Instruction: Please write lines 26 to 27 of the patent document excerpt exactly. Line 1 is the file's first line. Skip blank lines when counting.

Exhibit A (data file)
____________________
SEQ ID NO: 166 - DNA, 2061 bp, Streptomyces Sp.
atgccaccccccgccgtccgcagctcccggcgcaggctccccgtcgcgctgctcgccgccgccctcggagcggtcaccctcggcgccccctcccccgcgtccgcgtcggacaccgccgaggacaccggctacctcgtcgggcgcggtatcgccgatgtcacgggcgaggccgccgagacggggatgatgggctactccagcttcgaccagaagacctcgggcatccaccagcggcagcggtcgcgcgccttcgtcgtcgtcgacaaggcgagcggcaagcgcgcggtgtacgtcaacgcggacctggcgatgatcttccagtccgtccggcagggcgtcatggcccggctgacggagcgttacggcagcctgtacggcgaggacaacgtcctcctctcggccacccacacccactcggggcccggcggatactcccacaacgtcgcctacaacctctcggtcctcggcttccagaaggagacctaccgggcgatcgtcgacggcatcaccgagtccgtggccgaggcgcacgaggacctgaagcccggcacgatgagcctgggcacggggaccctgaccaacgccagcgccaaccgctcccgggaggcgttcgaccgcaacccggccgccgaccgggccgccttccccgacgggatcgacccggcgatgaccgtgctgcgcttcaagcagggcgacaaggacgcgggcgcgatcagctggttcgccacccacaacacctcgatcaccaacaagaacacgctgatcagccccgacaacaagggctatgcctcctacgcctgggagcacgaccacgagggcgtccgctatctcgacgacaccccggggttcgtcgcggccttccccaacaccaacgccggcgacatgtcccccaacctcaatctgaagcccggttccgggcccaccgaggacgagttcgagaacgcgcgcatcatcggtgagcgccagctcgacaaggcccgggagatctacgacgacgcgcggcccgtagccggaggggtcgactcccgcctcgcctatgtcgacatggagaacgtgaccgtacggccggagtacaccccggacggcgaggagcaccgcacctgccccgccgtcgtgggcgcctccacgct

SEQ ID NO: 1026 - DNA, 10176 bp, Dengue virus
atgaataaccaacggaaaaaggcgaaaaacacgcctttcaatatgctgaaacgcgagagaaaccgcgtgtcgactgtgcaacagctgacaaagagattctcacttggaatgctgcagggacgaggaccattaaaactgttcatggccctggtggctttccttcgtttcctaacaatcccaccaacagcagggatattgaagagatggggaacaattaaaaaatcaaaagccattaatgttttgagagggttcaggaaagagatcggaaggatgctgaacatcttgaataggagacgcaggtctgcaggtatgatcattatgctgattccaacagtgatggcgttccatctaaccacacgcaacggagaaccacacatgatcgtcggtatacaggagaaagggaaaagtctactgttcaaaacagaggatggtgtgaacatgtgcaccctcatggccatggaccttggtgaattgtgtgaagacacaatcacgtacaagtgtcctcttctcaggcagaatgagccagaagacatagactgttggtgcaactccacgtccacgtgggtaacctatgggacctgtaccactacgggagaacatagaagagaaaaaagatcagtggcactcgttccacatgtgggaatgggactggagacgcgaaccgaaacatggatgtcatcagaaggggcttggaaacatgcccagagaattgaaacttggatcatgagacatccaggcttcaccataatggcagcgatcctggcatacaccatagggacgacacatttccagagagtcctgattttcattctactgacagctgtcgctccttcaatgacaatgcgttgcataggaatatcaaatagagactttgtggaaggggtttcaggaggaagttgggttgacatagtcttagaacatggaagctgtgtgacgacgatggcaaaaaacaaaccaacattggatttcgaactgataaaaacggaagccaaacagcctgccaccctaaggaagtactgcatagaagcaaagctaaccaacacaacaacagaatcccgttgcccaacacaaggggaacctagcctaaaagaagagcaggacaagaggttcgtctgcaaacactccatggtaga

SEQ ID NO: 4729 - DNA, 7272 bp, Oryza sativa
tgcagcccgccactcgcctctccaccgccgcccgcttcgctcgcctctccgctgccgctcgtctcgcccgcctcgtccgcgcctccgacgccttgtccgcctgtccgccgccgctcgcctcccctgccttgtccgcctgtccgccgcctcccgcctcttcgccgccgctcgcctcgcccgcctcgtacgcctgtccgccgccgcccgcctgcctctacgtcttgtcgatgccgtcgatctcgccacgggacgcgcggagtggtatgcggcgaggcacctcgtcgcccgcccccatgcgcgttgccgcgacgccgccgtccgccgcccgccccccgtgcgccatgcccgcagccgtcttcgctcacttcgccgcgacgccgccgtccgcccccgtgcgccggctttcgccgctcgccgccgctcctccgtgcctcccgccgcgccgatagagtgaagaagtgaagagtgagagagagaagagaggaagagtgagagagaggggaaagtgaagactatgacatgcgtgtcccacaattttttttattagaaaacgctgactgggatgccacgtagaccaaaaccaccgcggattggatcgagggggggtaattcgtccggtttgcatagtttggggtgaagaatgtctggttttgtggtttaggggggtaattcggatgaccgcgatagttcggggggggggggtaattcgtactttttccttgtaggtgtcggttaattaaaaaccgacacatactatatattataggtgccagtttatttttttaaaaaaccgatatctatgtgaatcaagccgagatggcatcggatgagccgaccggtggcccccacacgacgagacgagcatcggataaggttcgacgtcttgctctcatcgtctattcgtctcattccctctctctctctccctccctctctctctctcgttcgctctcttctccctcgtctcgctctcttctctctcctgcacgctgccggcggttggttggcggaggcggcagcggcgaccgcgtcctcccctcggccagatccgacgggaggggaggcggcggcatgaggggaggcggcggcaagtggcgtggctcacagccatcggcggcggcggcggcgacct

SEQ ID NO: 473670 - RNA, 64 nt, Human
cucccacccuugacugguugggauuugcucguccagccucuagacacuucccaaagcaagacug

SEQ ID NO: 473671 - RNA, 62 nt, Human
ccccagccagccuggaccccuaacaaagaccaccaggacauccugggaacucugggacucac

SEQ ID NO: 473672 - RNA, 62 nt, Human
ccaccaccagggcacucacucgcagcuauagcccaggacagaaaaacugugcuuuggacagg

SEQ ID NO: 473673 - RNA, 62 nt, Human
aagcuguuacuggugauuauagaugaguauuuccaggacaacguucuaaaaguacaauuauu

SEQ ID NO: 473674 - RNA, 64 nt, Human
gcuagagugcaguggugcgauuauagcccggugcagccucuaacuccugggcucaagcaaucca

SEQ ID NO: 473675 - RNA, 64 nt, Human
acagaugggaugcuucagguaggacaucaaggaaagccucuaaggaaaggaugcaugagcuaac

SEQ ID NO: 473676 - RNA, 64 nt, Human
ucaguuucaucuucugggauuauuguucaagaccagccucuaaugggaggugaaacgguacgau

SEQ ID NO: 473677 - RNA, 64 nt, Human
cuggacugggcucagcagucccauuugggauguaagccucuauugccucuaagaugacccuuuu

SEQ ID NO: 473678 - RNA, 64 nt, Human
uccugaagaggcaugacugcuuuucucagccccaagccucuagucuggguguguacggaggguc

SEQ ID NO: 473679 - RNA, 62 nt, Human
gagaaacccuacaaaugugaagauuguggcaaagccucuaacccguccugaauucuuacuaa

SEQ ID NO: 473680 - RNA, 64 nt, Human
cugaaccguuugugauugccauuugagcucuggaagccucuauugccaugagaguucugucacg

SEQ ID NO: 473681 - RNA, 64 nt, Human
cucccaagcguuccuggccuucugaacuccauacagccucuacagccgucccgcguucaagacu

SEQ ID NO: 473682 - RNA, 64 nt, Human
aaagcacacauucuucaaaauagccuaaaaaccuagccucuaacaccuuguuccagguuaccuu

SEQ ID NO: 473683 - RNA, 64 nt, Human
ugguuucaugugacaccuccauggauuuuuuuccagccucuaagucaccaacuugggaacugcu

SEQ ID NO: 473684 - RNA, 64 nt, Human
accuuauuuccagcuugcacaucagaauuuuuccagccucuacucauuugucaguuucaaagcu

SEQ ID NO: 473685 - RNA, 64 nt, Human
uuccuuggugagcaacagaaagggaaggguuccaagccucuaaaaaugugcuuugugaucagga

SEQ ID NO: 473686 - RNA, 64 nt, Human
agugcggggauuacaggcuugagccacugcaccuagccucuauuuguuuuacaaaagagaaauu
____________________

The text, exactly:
gagaaacccuacaaaugugaagauuguggcaaagccucuaacccguccugaauucuuacuaa

SEQ ID NO: 473680 - RNA, 64 nt, Human